• As well as being screened in Cardiff the video also got shown at Le Petit Chateau to an audience that included staff, asylum seekers and MEPs – the first ever MEPs to have visited the asylum reception centre. As a cybernetic video is designed to intervene within a given system, it is crucial the appropriate audience is reached.

Assessment Criteria
The piece should be judged as research according to the degree it addresses the following question:

Does it increase practitioners’ understanding of how cybernetics can be used to inform video production and inspire further research?

1) Anthropologist Dr. Margaret Meade, for example, defines cybernetics as ‘a common language that people who are from different disciplines use to communicate.’ Mead, M (1968) ‘The Cybernetics of Cybernetics’, in Von Foerster, H et al (eds.) Purposive Systems, New York: Spartan Books.
2) For background information on Prof. Gordon Pask and his Conversation Theory, as well as cybernetics in general, go to:
3) To find out more about the project and Artstation’s work in general, go to:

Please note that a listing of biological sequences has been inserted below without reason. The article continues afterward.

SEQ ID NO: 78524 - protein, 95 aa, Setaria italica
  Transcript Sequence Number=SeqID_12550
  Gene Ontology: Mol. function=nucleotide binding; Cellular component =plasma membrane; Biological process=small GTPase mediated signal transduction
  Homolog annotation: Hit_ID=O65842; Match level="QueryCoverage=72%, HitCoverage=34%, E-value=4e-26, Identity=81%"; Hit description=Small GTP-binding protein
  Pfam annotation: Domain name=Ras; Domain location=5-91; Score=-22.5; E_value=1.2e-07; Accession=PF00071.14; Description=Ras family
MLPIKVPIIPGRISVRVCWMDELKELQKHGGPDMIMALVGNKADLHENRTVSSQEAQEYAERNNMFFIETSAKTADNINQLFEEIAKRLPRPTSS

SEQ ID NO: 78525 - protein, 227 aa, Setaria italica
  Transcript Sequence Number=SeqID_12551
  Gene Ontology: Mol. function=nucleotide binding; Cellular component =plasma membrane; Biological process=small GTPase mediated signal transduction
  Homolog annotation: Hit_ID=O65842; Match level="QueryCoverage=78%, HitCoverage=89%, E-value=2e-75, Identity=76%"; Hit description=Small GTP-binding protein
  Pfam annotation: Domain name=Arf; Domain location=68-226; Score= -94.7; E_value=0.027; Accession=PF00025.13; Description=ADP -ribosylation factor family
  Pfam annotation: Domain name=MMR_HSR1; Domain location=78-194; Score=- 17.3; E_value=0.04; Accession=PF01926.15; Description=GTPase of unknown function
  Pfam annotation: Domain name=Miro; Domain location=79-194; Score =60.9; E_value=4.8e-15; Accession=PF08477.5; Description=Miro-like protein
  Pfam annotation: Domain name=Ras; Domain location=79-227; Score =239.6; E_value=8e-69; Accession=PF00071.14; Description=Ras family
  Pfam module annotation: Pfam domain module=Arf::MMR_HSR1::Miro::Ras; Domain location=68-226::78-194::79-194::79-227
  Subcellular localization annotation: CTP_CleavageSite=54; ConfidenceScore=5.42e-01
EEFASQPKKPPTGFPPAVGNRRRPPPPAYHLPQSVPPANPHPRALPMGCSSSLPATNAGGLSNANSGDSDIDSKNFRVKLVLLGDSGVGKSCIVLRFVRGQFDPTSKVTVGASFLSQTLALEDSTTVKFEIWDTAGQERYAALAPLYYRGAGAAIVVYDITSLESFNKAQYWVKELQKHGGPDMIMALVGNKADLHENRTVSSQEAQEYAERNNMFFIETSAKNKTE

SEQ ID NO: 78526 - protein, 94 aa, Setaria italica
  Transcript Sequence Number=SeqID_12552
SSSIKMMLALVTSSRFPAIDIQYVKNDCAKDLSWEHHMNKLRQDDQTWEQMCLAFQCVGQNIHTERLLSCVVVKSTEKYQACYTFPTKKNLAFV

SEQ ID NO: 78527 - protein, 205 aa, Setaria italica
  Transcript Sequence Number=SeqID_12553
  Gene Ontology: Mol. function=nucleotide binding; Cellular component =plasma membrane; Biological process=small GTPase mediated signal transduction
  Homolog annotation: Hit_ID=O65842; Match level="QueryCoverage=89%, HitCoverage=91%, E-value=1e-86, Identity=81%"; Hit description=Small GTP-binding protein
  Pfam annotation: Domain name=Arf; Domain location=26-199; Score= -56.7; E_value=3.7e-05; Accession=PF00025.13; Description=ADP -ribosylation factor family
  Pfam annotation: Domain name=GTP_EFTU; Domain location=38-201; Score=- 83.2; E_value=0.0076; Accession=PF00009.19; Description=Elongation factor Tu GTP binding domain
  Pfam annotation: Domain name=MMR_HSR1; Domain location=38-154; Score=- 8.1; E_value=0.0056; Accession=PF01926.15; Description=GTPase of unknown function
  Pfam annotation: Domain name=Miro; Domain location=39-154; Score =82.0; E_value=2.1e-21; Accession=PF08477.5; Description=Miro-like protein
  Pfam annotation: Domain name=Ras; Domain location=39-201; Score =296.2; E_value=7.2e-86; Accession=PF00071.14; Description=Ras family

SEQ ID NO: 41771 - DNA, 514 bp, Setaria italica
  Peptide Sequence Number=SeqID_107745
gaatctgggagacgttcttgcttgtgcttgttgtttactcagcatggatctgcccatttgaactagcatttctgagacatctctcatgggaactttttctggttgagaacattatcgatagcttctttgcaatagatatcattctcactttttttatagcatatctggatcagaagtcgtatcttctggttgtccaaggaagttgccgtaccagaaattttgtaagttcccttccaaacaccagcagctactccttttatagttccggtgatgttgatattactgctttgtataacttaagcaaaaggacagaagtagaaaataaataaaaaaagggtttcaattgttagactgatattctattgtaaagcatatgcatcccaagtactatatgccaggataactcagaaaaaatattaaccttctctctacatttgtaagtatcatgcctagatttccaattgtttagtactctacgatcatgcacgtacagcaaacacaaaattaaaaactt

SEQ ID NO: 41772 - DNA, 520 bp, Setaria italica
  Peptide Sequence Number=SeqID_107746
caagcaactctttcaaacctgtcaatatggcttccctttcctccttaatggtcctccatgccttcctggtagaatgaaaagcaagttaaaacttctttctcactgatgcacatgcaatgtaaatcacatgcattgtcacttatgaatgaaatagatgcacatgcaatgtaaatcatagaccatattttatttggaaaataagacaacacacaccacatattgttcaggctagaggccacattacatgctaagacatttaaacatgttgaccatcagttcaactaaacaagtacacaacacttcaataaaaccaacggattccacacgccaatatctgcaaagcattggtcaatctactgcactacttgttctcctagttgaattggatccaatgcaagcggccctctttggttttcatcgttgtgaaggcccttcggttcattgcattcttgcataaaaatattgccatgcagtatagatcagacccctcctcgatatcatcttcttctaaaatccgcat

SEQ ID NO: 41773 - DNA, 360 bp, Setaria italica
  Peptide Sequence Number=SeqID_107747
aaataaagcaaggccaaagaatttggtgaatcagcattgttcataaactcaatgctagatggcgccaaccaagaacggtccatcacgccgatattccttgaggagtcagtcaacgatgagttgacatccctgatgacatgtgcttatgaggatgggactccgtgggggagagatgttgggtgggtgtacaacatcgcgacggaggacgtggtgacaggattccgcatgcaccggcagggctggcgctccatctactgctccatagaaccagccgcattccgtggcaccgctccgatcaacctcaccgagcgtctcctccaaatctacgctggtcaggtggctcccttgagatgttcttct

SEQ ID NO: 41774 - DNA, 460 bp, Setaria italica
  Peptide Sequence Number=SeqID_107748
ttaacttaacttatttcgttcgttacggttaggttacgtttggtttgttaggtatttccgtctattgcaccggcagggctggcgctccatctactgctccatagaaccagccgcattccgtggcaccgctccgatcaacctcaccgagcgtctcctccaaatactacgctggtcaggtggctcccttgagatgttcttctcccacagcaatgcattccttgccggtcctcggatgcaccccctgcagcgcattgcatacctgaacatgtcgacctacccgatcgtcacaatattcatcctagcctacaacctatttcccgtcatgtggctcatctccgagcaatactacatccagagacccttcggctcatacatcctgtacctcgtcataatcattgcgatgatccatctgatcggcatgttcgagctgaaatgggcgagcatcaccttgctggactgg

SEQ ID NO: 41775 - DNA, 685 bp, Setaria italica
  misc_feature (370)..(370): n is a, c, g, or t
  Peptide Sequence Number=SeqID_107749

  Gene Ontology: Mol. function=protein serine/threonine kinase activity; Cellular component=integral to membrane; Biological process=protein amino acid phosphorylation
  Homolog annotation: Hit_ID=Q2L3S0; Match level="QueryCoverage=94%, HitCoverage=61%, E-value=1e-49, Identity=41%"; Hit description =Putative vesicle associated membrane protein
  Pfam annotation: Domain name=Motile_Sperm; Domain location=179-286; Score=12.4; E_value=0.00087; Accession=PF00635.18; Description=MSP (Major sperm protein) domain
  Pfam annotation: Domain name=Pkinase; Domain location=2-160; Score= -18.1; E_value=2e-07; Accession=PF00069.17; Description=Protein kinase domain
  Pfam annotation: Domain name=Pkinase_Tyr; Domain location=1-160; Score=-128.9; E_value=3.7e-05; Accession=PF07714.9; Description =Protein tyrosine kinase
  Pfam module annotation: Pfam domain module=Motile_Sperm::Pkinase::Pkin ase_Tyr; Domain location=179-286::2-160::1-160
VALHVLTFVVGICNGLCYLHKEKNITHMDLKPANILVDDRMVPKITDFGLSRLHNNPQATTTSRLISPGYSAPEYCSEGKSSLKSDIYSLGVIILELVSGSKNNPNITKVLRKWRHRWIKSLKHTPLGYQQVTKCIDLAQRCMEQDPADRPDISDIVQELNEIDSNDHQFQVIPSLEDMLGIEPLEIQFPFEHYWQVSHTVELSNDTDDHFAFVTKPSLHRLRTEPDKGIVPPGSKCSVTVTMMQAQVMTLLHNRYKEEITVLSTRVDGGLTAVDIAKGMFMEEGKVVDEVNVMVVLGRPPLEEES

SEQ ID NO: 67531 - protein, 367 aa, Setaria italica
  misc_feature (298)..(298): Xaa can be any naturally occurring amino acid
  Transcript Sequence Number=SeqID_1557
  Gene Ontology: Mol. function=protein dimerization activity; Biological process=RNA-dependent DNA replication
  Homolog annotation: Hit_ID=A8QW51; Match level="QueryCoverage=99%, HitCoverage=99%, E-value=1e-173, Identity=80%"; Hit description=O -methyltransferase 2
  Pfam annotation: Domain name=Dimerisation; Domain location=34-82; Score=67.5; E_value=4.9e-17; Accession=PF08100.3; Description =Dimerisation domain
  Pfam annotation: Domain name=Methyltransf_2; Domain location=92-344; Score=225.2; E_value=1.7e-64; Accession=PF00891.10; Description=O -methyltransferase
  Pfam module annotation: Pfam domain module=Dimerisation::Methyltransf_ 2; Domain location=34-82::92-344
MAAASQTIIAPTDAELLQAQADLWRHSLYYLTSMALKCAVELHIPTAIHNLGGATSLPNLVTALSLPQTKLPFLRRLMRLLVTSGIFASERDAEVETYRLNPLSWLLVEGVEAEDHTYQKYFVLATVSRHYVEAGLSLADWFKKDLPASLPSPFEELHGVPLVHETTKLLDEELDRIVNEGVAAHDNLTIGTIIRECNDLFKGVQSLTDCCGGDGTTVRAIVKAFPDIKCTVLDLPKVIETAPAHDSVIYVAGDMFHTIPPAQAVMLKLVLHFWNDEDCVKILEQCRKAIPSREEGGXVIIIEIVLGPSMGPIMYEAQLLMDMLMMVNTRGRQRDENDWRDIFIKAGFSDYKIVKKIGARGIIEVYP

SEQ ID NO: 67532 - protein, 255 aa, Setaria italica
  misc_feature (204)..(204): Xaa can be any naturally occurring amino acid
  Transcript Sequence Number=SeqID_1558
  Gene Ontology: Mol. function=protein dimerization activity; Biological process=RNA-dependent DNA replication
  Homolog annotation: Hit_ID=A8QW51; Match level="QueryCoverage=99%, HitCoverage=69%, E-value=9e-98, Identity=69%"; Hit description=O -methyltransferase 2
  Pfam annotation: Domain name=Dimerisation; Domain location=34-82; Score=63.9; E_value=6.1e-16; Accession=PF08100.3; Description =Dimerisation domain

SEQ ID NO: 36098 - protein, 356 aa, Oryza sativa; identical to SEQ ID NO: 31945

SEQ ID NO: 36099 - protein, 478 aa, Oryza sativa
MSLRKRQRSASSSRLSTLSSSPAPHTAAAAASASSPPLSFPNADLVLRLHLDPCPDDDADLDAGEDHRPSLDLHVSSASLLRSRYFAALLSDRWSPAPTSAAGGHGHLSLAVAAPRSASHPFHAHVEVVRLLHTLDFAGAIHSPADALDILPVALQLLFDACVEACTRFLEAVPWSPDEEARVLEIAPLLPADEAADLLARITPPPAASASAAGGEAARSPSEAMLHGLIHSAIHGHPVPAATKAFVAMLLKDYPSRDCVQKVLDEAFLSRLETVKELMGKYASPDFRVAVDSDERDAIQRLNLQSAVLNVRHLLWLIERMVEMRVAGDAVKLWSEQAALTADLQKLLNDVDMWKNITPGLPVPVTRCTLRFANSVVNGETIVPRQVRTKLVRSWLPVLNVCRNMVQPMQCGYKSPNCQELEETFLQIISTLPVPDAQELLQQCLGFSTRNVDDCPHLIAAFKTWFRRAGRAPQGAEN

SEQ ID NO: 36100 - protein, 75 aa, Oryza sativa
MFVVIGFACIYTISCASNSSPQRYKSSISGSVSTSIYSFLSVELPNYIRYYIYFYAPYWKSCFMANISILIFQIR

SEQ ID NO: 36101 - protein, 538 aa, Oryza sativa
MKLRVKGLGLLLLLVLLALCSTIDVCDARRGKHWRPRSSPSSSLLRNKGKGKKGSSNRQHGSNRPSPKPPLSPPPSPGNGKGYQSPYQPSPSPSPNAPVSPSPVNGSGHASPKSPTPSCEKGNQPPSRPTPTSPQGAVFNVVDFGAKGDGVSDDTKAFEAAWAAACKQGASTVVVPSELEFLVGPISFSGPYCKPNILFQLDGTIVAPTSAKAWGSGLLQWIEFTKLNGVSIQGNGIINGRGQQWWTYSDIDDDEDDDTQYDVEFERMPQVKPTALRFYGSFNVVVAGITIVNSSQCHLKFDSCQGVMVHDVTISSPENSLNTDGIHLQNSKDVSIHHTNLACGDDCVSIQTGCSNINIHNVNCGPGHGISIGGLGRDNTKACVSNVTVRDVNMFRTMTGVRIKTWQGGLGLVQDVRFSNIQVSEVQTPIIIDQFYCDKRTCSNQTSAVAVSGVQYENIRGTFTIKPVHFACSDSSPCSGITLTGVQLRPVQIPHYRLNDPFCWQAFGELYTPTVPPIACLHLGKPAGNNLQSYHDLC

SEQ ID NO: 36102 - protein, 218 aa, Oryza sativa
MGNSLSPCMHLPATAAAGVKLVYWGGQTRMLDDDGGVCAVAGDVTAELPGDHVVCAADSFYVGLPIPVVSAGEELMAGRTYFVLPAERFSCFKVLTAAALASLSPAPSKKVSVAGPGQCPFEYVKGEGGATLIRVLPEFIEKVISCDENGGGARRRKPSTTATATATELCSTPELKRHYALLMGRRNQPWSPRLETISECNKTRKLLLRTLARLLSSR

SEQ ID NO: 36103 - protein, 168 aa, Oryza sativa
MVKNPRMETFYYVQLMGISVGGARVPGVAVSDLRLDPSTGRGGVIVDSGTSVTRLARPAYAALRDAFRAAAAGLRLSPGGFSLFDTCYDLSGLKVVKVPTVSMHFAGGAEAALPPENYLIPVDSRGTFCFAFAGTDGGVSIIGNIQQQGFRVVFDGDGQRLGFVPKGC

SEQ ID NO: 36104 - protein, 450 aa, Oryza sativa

Peer Reviews

All reviews refer to original research statements which have been edited in response to what follows

Review 1: Accept, rewrite statement
Empirically grounded work that juxtaposes loosely determined images of asylum seekers in the reception centre with an evocative visual metaphor (paper, landscape and the elements). Interaction between images provides some creative dialectical juxtapositions but I sense that it works more effectively as part of an installation as originally intended.

Originality and Significance

The larger project of which this is a part sounds interesting, original and may well be significant. However, the documentation needs considerable revision in order to establish the significance of the screenwork within this. There is evidence of rigour in the process but, again, difficult to determine the extent to which the film initiates or simply records.

It’s borderline for me – probably worth including on balance for what it’s trying to do as much as what it achieves, so any form of exhibition will require a context note.

Suggested Amendments to Supporting Statement:


More detail needed on the APG approach requiring art to be judged by effectiveness of intervention in non-art environments rather than by ‘the intrinsic qualities of the art object itself’. No further information, evidence or criteria offered about how Paperwork might be / have been judged in the context of the work of the asylum seeker’s reception centre.